In addition to issuing equity shares to the public, a company is also authorized to issue a different type of shares to the public to raise capital for its operations. These shares are what finance experts call ‘preference shares.’ Unlike regular equity shares, preference shareholders don’t hold any ownership in the company and so they don’t enjoy any voting rights.
Preference shares are more akin to debt and feature different subtypes as well. One of the most popular types of preference shares is cumulative preference shares. If the question ‘what are cumulative preference shares?’ is running on your mind right now, here’s everything that you should know.
What are cumulative preference shares?
Cumulative preference shares contain all the features and benefits of ordinary preference shares such as entitlement to higher dividend payouts, preference in payment of dividends, and preference in payment over equity shares during liquidation of the company.
In short, cumulative preference shares are regular preference shares with one additional benefit. The extra advantage here is that the holders of these shares have the right to receive dividends even if the issuing company has missed out on paying them in the past.
Sometimes, companies might not be able to generate profits due to a number of reasons. This lack of profits may force them to not pay any dividends for a certain period of time or pay only a reduced portion of the profits as dividends. Even under such a situation, cumulative preference shareholders retain the right to receive dividends unlike equity shareholders.
If you still haven’t gotten a clear understanding of the concept, here’s a cumulative preference shares example to better drive the point home.
Cumulative preference shares – an example
For instance, let’s assume that there’s a company named ABC Ltd. that’s issued cumulative preference shares of a face value of Rs. 100 per share to the public. The company promises to pay 10% of the share’s face value as dividends every quarter of a financial year.
In keeping with the promise, the company has been paying a dividend of Rs. 10 per share regularly for every quarter of a financial year. But suddenly, due to a slump in the market conditions, the company couldn’t generate enough revenue and as a result went into a loss. Under such a situation, the company failed to pay dividends to its shareholders including cumulative preference shareholders for 3 quarters of a financial year.
The company started generating revenue only in the final quarter of the financial year and as such has enough revenue to pay dividends as per its promise to its preference shareholders. Here’s where things get interesting. Since the holders of cumulative preference shares are entitled to receive dividends regularly, including past dividends that were missed, the company would have to first clear all the unpaid dividends (i.e. the dividend arrears of Rs. 30 per share), before getting to pay the dividend for this quarter of Rs. 10 per share.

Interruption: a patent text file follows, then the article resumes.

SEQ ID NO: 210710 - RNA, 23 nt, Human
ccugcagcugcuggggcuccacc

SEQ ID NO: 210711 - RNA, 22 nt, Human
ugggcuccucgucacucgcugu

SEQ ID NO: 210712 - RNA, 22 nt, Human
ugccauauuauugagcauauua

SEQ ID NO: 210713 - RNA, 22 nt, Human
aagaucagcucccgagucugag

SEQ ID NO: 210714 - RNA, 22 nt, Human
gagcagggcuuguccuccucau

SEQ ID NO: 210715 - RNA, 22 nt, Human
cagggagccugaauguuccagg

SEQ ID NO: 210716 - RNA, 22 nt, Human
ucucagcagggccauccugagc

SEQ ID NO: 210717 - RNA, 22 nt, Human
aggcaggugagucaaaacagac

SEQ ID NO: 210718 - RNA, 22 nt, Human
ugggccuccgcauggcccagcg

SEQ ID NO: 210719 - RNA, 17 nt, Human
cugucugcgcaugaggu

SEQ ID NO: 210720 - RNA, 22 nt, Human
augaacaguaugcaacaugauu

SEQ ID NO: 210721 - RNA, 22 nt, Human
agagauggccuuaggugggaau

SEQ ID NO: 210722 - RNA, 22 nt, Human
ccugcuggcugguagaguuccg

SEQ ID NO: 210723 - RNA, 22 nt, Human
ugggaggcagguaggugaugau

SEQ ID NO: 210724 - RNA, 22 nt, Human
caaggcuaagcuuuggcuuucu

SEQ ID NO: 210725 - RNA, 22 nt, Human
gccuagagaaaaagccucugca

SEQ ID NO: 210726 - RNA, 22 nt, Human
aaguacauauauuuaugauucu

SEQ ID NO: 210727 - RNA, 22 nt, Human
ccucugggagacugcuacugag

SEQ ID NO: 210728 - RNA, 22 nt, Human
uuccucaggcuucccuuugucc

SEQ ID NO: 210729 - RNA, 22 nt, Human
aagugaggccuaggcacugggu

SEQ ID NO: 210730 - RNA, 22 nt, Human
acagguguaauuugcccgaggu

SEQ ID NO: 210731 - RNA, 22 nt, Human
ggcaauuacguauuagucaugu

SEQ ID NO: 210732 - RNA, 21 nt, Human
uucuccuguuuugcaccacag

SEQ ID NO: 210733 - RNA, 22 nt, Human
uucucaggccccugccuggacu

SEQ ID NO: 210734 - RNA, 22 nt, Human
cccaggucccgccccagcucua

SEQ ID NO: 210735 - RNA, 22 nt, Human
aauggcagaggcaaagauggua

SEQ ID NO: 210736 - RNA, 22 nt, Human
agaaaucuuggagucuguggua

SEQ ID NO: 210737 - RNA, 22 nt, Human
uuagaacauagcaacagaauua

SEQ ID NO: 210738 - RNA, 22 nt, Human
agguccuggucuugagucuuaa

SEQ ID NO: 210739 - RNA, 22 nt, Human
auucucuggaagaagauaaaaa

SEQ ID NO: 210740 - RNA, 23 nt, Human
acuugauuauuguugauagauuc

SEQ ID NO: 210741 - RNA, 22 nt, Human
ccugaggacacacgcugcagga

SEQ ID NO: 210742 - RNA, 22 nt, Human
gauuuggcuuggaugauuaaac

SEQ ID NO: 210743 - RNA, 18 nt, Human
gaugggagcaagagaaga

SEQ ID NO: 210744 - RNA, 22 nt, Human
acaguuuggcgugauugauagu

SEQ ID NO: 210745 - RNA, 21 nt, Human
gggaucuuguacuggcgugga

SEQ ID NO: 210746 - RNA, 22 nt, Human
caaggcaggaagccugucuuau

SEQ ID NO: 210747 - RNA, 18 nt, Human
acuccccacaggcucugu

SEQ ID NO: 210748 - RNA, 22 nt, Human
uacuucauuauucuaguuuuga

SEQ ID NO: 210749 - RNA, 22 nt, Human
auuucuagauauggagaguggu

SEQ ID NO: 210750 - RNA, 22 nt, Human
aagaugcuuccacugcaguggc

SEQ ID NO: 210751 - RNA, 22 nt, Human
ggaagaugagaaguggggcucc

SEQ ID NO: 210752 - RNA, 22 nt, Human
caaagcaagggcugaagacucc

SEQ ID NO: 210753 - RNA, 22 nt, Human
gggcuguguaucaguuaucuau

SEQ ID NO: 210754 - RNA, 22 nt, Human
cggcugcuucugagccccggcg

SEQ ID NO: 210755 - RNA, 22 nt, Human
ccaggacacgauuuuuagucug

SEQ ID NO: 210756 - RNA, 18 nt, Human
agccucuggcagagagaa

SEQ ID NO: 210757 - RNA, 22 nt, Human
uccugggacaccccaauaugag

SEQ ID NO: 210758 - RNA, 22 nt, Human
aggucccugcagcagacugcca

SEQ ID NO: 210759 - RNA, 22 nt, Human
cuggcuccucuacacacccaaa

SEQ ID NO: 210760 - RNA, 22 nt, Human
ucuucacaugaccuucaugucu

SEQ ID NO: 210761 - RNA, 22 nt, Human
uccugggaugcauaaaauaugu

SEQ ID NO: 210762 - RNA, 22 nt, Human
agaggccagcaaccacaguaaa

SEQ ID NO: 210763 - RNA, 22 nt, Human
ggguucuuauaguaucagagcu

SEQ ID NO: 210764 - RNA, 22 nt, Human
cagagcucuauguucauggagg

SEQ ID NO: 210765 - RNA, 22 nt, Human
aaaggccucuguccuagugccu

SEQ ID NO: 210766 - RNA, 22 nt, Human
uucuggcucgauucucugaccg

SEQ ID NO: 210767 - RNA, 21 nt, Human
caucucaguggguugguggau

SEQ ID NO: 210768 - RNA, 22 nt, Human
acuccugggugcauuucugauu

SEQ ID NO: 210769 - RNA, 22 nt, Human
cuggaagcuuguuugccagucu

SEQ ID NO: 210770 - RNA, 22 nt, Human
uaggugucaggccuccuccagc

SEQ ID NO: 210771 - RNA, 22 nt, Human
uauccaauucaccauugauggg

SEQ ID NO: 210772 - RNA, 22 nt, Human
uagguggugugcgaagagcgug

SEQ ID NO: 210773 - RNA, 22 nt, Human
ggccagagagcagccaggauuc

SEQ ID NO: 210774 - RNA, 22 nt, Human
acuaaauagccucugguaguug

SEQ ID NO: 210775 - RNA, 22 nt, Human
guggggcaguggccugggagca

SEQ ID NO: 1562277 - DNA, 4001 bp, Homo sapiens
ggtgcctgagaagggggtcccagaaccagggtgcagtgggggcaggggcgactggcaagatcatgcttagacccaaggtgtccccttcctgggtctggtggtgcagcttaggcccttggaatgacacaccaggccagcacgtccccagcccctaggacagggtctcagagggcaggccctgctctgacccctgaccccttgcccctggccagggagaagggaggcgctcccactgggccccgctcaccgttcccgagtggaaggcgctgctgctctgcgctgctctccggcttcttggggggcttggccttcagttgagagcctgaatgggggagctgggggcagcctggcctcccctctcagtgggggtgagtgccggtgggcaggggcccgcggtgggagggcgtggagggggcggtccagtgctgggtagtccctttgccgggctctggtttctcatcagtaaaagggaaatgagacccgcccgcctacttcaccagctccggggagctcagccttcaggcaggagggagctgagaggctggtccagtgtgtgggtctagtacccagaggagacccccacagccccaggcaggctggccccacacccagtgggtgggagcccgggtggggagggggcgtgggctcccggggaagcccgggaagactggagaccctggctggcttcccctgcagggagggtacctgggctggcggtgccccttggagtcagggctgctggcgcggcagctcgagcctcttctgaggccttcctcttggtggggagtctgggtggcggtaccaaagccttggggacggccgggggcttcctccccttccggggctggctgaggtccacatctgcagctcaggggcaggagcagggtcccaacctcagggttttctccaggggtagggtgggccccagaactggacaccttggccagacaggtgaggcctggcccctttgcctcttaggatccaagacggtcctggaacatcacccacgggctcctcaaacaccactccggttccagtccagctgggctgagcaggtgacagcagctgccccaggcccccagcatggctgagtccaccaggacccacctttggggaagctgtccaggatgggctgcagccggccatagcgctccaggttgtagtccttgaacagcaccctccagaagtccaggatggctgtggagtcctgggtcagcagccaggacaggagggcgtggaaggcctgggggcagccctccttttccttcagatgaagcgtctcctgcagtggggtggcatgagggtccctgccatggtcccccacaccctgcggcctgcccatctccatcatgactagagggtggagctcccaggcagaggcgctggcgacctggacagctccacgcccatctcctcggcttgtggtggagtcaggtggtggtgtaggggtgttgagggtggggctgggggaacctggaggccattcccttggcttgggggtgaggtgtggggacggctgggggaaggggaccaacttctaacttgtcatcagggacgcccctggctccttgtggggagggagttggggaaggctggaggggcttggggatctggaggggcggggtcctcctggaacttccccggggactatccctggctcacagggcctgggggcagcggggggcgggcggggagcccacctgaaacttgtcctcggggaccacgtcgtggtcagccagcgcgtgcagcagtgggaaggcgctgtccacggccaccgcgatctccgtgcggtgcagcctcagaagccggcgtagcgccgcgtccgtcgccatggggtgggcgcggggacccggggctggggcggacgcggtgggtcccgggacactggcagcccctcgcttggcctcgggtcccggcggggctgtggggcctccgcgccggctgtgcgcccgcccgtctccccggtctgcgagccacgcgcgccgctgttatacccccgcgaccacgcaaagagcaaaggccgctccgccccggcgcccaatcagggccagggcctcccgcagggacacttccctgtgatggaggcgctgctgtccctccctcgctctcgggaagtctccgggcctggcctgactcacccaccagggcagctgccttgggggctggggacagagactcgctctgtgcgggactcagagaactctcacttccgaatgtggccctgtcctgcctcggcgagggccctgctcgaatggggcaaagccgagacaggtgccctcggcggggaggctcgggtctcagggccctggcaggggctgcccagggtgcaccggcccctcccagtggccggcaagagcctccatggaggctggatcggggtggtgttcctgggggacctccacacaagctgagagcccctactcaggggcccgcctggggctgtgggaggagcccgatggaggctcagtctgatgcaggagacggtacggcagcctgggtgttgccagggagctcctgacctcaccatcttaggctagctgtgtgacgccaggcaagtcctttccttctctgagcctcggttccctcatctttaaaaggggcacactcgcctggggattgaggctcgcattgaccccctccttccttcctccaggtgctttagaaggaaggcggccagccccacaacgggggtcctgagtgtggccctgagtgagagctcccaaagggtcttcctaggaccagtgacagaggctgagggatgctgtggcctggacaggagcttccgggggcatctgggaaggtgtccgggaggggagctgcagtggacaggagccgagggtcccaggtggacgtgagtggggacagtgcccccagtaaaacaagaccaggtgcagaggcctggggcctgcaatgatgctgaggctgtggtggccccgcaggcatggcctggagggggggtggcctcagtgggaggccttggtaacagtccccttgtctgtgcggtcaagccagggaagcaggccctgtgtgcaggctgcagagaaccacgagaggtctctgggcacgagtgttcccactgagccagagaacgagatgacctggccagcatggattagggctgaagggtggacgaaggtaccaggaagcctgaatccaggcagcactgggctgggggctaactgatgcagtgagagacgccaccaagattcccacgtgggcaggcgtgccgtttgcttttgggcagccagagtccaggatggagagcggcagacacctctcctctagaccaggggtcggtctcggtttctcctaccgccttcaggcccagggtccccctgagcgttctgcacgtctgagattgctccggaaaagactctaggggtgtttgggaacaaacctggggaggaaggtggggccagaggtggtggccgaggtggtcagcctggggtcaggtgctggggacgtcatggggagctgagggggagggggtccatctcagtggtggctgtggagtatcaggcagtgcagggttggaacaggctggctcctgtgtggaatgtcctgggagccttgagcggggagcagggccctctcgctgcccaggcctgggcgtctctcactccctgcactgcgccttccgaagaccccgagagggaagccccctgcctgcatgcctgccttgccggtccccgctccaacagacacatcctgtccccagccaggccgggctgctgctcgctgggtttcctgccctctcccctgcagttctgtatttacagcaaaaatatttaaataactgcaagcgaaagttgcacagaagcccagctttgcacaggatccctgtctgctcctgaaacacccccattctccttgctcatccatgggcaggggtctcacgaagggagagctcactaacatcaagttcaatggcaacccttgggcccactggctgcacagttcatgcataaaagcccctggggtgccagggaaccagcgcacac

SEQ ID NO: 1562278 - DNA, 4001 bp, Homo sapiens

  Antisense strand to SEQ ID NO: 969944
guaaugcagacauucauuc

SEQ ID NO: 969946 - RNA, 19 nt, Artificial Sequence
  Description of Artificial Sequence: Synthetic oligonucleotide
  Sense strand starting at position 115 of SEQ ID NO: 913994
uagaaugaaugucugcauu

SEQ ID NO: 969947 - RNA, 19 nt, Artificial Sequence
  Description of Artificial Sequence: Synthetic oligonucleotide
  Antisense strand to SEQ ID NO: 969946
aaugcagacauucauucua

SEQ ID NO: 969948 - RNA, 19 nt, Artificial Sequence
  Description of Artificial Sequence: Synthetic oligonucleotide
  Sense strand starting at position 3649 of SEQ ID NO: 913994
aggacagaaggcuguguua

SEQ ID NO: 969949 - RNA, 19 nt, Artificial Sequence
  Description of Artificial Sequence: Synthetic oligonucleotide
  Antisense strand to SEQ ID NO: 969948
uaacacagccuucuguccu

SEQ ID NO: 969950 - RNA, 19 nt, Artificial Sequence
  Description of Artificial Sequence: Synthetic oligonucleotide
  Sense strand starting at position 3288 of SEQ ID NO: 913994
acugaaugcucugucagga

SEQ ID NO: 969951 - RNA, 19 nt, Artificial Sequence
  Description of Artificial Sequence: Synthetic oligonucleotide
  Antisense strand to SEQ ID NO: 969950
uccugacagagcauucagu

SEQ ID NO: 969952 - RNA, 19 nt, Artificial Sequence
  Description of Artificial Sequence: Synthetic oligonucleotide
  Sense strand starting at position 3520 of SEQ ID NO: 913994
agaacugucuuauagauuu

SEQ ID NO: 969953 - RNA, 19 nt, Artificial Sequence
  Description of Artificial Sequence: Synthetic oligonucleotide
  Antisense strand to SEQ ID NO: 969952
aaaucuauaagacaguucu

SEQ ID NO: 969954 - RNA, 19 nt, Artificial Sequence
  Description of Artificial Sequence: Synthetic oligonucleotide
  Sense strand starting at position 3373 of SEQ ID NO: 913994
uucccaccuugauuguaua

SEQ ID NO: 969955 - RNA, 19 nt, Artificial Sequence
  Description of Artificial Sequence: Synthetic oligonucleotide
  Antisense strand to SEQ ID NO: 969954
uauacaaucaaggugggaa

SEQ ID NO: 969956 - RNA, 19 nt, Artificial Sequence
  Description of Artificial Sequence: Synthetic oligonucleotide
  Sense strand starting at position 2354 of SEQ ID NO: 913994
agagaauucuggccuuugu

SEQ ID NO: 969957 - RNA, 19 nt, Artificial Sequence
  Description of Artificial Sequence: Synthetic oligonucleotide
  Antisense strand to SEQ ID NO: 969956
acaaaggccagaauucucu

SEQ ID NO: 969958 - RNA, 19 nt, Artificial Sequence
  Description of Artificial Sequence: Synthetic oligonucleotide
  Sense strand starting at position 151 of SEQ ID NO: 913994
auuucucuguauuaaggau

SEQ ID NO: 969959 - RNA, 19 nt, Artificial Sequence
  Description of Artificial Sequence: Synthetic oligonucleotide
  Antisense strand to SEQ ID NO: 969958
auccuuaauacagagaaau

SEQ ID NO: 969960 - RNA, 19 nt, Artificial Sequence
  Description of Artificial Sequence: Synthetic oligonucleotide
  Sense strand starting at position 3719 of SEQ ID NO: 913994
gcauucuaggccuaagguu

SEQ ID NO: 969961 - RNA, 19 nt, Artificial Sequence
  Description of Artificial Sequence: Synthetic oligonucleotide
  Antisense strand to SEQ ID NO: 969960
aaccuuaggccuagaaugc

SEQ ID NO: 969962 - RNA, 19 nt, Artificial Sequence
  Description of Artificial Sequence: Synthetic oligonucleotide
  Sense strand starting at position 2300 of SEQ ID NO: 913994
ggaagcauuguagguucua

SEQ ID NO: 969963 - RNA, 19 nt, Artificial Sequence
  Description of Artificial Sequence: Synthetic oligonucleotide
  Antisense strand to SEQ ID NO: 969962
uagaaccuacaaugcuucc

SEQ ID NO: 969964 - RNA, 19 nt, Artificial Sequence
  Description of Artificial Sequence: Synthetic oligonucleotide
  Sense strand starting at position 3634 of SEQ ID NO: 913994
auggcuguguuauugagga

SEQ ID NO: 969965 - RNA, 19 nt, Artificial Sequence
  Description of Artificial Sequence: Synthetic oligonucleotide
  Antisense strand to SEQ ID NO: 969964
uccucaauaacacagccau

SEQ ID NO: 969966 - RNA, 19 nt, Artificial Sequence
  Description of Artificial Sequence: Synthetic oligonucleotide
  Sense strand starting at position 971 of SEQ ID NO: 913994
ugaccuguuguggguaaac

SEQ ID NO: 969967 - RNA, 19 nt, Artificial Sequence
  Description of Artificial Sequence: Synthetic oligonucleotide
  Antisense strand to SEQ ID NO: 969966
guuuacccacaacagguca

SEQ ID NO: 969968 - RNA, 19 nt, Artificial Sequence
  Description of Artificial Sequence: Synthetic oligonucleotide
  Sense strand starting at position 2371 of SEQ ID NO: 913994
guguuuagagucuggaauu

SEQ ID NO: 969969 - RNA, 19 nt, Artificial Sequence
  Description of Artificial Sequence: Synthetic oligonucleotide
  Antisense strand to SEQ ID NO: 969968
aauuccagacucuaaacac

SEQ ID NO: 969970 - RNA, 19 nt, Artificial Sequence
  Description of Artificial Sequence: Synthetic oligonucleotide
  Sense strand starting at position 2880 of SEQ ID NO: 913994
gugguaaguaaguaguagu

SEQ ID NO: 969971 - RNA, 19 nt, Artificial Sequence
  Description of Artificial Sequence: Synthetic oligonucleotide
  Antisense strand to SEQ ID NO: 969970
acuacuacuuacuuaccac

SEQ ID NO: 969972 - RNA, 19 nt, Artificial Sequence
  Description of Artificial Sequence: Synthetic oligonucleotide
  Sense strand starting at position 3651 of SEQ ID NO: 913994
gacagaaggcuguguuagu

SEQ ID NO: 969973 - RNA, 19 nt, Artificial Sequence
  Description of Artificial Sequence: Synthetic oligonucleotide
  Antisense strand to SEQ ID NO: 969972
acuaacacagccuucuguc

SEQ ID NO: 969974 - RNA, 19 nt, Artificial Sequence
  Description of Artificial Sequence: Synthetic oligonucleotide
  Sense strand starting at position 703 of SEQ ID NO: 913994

Once the company has paid out all of the arrears, it shall then pay the current quarter’s dividends to cumulative preference shareholders, provided that there are enough profits. After clearing all of the dues, only then the company shall pay dividends to its equity shareholders.
Advantages of cumulative preference shares
Now that you’ve seen the cumulative preference shares example, let’s move onto the various advantages that these shares offer to both the investors as well as the issuing company. Here’s a brief glimpse at some of the benefits that come with these shares.
1. Investors get to enjoy a higher rate of dividend when compared with equity shareholders.
2. Cumulative preference shares get preference over equity shares with respect to dividend payouts as well as claims during liquidation.
3. Cumulative preference shares don’t lose out on the dividends if the company fails to pay them. The unpaid dividends keep accumulating till the company finally decides to pay them out.
Cumulative preference shares are a great way for companies to secure funding for their operations. Not only does issuing these shares give companies some flexibility, but it also doesn’t dilute the ownership or control. That said, here’s something that you should note. The dividend rate for cumulative preference shares is usually slightly lower than that of regular preference shares due to the unpaid dividends getting accumulated instead of lapsing.